The smallest independent country on the South American continent, the Republic of Suriname (in Dutch, Republiek Suriname) is bounded by Guyana, Brazil, French Guyane and the Atlantic Ocean.
The flag of Suriname dates from its 1975 independence. It consists of five horizontal bands of green (top, double width), white, red (quadruple width), white, and green (double width), with a large, yellow, five-pointed star centred in the red band. The colours represent fertility, justice and freedom and renewal respectively. The central gold star symbolises national sacrifice, unity and hope for the nation’s golden future. It echoes a yellow star in the centre of the national arms, dating originally from the 17 th century.
Dutch traders established several colonies in the Guyanas before 1600. They did not, however, gain full control of the then Dutch Guiana until the 1667 Treaty of Breda, signed among Britain, France, The Netherlands and Denmark. The Netherlands traded Manhattan, in the current US state of New York, for the territory. After becoming an autonomous part of the Kingdom of the Netherlands in 1954, Suriname gained its independence in 1975. A military regime ruled the country in the 1980s, until democracy was restored in 1987. Democratic rule was briefly interrupted by the military between 1990-1991, but was subsequently restored.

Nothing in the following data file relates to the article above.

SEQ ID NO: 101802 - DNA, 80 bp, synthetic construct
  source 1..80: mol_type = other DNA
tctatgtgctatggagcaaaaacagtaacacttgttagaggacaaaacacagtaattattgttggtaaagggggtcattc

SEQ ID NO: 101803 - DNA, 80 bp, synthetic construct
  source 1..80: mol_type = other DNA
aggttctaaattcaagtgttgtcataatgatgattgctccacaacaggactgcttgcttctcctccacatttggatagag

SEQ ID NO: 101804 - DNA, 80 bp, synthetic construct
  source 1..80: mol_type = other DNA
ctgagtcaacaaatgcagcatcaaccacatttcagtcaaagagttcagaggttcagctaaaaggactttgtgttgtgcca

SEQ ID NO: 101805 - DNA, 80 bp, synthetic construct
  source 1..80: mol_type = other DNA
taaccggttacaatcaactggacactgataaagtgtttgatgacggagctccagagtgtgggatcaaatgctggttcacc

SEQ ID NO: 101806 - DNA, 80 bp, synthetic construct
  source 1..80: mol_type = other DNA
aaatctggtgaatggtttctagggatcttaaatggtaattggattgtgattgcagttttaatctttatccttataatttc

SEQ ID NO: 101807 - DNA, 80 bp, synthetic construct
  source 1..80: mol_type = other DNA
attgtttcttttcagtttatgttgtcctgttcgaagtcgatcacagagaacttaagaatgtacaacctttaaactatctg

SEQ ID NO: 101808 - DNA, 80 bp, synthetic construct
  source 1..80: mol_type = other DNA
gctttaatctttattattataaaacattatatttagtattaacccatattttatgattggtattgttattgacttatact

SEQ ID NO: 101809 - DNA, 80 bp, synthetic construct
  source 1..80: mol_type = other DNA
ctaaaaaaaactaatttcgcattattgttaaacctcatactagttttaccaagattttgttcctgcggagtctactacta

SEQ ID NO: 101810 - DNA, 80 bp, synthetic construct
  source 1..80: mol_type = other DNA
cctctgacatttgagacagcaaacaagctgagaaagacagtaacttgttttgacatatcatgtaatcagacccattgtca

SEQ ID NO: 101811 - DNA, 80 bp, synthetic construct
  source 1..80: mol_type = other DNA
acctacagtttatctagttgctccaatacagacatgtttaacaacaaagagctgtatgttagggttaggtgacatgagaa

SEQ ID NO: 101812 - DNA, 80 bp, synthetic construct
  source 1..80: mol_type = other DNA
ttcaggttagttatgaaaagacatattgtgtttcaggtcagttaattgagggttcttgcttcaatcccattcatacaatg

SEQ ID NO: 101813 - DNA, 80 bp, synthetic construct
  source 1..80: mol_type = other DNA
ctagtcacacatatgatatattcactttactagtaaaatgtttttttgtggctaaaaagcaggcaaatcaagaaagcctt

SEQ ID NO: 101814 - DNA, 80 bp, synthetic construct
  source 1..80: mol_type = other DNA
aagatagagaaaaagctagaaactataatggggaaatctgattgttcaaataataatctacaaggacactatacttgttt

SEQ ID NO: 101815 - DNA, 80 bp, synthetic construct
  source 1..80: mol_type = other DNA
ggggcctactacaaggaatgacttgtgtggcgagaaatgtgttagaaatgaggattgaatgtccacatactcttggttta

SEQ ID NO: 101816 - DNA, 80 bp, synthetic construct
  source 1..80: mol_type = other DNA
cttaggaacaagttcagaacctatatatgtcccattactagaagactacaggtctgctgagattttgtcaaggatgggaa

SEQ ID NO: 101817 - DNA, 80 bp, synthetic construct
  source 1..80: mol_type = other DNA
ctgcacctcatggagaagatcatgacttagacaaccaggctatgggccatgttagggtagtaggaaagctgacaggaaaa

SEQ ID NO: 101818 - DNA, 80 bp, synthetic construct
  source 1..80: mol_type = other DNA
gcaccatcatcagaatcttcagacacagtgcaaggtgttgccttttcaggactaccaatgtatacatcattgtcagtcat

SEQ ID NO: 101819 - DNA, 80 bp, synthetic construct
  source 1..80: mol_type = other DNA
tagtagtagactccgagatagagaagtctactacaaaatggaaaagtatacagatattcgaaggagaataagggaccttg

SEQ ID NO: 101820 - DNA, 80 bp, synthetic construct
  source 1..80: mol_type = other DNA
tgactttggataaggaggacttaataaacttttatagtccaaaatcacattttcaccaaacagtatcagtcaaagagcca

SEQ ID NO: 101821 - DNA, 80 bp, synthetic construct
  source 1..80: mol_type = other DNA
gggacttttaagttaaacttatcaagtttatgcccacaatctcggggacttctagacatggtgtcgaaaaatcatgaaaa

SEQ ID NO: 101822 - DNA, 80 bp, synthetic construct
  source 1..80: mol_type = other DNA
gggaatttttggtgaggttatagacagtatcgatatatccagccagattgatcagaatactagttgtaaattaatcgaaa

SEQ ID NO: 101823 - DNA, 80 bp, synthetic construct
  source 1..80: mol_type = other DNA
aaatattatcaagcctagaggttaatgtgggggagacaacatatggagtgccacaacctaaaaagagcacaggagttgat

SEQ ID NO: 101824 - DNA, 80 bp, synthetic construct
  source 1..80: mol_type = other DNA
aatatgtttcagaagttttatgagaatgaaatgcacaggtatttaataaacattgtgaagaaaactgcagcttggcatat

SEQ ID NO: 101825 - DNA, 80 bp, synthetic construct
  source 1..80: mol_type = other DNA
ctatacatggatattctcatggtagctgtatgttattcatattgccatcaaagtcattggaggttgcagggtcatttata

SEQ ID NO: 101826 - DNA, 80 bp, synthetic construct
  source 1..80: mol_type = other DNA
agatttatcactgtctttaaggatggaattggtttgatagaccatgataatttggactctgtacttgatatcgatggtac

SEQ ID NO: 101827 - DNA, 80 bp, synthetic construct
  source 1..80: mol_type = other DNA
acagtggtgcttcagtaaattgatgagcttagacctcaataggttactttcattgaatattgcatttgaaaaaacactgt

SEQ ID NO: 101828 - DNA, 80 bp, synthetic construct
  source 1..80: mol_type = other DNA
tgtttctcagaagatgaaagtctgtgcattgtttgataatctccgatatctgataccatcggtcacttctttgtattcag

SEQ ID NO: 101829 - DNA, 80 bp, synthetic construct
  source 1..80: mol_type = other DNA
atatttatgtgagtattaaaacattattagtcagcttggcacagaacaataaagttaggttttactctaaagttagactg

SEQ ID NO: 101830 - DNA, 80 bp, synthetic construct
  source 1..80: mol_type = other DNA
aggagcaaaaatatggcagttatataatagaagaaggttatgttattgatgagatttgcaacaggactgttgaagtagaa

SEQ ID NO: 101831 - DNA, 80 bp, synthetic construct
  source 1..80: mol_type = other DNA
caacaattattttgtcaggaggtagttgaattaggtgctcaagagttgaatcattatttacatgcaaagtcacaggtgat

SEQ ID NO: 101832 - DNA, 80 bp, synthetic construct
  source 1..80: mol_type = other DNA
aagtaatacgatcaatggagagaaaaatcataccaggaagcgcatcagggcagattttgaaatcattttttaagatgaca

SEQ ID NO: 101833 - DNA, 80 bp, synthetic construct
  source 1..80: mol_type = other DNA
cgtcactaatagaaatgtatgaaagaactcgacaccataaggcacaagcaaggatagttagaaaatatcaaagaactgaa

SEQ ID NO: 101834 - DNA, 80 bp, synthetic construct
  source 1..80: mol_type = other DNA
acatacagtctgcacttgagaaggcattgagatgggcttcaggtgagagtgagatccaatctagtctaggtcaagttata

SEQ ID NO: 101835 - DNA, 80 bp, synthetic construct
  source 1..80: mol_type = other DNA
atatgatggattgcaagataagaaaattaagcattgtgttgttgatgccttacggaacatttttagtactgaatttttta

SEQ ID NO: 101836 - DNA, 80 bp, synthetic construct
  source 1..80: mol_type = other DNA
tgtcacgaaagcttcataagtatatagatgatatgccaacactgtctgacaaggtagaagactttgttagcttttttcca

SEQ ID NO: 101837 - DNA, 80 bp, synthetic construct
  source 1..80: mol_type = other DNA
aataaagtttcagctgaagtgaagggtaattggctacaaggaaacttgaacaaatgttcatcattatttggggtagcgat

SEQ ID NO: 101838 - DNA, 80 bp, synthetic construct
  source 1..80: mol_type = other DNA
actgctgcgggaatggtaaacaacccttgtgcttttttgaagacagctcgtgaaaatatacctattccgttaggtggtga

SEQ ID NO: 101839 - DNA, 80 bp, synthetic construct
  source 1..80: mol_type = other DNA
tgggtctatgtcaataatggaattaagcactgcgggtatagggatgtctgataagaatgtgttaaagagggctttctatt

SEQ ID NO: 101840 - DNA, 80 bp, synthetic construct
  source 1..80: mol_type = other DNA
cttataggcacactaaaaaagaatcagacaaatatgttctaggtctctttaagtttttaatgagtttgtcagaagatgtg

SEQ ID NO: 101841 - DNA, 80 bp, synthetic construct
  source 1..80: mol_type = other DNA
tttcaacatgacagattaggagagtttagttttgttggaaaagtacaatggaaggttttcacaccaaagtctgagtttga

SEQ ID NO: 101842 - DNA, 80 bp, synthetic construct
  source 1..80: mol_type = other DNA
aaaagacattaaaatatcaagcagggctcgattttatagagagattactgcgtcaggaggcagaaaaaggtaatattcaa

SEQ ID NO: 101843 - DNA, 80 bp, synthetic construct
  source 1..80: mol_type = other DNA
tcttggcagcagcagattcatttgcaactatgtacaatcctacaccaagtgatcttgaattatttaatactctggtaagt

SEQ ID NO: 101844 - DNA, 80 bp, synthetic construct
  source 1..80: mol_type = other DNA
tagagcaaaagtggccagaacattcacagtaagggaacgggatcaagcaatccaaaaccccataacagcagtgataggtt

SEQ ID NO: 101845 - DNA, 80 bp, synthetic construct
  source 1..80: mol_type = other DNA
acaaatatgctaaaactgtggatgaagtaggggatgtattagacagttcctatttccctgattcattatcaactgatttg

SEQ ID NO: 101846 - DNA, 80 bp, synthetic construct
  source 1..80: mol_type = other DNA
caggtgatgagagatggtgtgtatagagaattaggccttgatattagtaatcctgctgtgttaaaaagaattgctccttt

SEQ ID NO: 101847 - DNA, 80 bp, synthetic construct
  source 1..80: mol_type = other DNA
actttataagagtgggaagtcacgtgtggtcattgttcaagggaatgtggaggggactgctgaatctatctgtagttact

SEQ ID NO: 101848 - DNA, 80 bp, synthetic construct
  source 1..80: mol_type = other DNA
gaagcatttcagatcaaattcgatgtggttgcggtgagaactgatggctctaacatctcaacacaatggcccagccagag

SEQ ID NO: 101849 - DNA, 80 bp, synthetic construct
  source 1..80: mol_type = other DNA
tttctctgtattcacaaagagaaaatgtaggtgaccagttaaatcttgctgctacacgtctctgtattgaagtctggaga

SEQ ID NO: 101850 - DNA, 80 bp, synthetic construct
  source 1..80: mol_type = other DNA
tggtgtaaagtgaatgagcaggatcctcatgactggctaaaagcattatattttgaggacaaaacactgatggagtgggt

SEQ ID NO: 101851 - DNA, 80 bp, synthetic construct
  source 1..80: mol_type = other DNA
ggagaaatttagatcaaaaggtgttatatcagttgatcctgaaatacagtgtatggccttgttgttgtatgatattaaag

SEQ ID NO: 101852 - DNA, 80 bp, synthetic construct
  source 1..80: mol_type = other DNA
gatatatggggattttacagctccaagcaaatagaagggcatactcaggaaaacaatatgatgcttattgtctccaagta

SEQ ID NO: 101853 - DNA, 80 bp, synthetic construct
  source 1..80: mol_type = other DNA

Area: 163,270 sq km
Population: 439,117 (July 2006 est.)
Language: Dutch (official), English (widely spoken), Sranang Tongo (Surinamese, sometimes called Taki-Taki, is the native language of Creoles and much of the younger population and is the lingua franca among others), Hindustani (a dialect of Hindi), Javanese
Currency: Surinamese dollar (Sur$) (US$1=Sur$2.73)
Legal system: Based on the Dutch legal system, incorporating French penal theory. There are Cantonal Courts and an appellate Court of Justice